Why the President has sunk the Ocampo Four
Posted Saturday, April 7 2012 at 19:00
- His every move on the ICC has been strange and wrong, and only a miracle can save the suspects from court
President Kibaki’s closest advisers – and I don’t know who they are – must be light weights. If I was him, I would sack them pronto. They have misled him on every key decision concerning the International Criminal Court (ICC).
That’s why the Ocampo Four – Deputy PM Uhuru Kenyatta, Eldoret North MP William Ruto, former head of civil service Francis Muthaura, and radio journalist Joshua arap Sang – are probably doomed.
President Kibaki’s decisions on the ICC have been strange and counter-intuitive. Every step he’s taken has sunk the Ocampo Four deeper into the ICC’s “abyss”.
He’s shot them – and himself – in the foot every single time. It’s sound advice to stop digging when in a hole. But Mr Kibaki – and the Ocampo Four – have done the exact opposite.
I don’t know whether President Kibaki makes his own decisions, or someone makes them for him. Most heads of state rely on a highly competent phalanx of advisers who act as “honest brokers” of information.
The commander-in-chief usually listens to competing views and then decides. Normally, the “decider” acts to protect or foster an interest, not dig a hole for himself, or his allies.
Yet President Kibaki’s decisions on the ICC have defied this common wisdom. Which begs the question – why, in the name of Ngai, the African (Kikuyu and Kamba) god, has the President jettisoned logic?
I assume President Kibaki – and his wing of the coalition – had one simple objective. That was to save the Ocampo Six – now Ocampo Four – from the ICC.
The matter required simple, uncomplicated execution. At the core was whether the state was able – and willing – to investigate and prosecute suspects of the 2008 post-election mayhem. The ICC is a “complementary” court, and only acts when states fail to do so. The matter couldn’t be more straight-forward.
But the President couldn’t, or wouldn’t, prevail on his allies to establish a local tribunal. It was that fatal mistake which opened the door for the ICC. Remember the chant, “Let’s not be vague, let’s go to The Hague”. This was titanic.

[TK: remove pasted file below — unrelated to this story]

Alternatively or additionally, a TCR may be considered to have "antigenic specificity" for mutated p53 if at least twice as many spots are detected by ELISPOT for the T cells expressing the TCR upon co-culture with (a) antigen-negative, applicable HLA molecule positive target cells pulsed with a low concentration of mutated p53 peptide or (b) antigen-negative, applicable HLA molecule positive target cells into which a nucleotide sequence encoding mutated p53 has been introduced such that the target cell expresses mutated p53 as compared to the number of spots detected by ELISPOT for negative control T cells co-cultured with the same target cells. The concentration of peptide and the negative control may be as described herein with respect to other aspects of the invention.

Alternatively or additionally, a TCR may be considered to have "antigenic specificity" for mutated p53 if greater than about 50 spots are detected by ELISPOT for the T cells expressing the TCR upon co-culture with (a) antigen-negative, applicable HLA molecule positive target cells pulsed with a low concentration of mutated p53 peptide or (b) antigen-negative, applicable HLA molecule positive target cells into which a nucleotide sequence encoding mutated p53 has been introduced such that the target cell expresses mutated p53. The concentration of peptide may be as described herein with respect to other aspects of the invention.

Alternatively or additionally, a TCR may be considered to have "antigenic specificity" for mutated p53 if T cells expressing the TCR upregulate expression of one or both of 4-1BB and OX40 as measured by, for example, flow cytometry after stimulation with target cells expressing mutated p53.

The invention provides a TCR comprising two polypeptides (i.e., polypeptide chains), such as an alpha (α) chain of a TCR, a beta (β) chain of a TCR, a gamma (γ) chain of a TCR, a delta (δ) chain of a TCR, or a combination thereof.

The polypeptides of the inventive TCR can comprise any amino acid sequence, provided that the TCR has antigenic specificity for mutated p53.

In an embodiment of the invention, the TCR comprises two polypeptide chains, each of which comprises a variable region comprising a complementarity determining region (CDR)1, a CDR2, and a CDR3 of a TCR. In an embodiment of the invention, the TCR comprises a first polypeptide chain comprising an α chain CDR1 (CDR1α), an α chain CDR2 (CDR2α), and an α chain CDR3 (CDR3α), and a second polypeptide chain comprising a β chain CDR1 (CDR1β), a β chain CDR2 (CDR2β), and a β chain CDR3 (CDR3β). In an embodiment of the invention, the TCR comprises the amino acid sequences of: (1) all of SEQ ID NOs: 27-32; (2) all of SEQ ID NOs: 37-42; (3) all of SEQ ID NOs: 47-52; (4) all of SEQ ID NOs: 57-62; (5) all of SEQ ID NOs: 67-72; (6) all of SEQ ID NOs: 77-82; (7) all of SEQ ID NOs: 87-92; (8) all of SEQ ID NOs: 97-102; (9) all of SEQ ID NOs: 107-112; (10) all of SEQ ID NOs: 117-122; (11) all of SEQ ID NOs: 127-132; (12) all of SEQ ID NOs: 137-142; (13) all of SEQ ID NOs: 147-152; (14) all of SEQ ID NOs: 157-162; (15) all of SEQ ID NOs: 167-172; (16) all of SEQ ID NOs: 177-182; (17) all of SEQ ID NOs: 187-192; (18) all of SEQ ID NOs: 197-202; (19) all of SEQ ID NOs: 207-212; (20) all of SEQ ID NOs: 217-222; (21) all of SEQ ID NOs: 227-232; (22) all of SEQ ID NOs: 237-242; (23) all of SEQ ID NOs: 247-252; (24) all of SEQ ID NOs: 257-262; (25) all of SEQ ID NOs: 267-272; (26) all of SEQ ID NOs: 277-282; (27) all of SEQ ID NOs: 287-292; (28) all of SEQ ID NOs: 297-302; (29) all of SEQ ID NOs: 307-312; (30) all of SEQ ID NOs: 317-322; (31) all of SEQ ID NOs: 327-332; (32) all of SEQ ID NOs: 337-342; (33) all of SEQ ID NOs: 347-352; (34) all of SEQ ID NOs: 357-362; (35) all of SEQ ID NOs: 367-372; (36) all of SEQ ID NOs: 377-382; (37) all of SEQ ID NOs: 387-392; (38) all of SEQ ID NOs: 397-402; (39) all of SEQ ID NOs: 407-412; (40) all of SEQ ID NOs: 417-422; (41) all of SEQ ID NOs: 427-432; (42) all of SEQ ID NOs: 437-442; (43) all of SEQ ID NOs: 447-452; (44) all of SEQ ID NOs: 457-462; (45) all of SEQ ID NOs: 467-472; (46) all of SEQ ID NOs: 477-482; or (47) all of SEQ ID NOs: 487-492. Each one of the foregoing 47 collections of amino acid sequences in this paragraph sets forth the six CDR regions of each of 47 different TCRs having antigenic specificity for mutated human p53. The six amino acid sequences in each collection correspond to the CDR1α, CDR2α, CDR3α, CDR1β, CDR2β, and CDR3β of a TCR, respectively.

Some of the Ocampo Six rejected the local tribunal and chose The Hague.
Their calculation was that the ICC was an impotent, remote tribunal that would never nab them. They were tragically mistaken. By this action, the Kibaki administration handed ICC Prosecutor Luis Moreno-Ocampo his “biggest catch” to date.
Astute observers of the ICC knew that Mr Moreno-Ocampo would “move in for the kill”.
He acted with the precision and speed of a “master assassin”. Mr Moreno-Ocampo “fast-tracked” the Kenyan cases. President Kibaki and his allies – including the Ocampo Six – were caught completely flat-footed.
They’ve never recovered. It’s been tragic to see them stagger like punch-drunk fighters. They have no idea where Mr Moreno-Ocampo’s next blow will come from.
I am sure the ICC views every step taken by the Kibaki government as hostile and meant to sabotage the court. This only served to stiffen the ICC’s resolve against the Ocampo Six. The first was the ridiculous idea of “shuttle diplomacy” by VP Kalonzo Musyoka as President Kibaki’s envoy.
This was meant to rally Africa and the UN to “force” the ICC to drop the Kenyan cases. But the prerequisite for such an action would have been credible investigations and prosecutions in Kenya.
Strangely, the President did nothing to even pretend that local trials were possible. That is why Kalonzo’s ill-conceived errand came to an ignominious end. Then Mr Kenyatta and Mr Ruto ratcheted up their attacks on the ICC.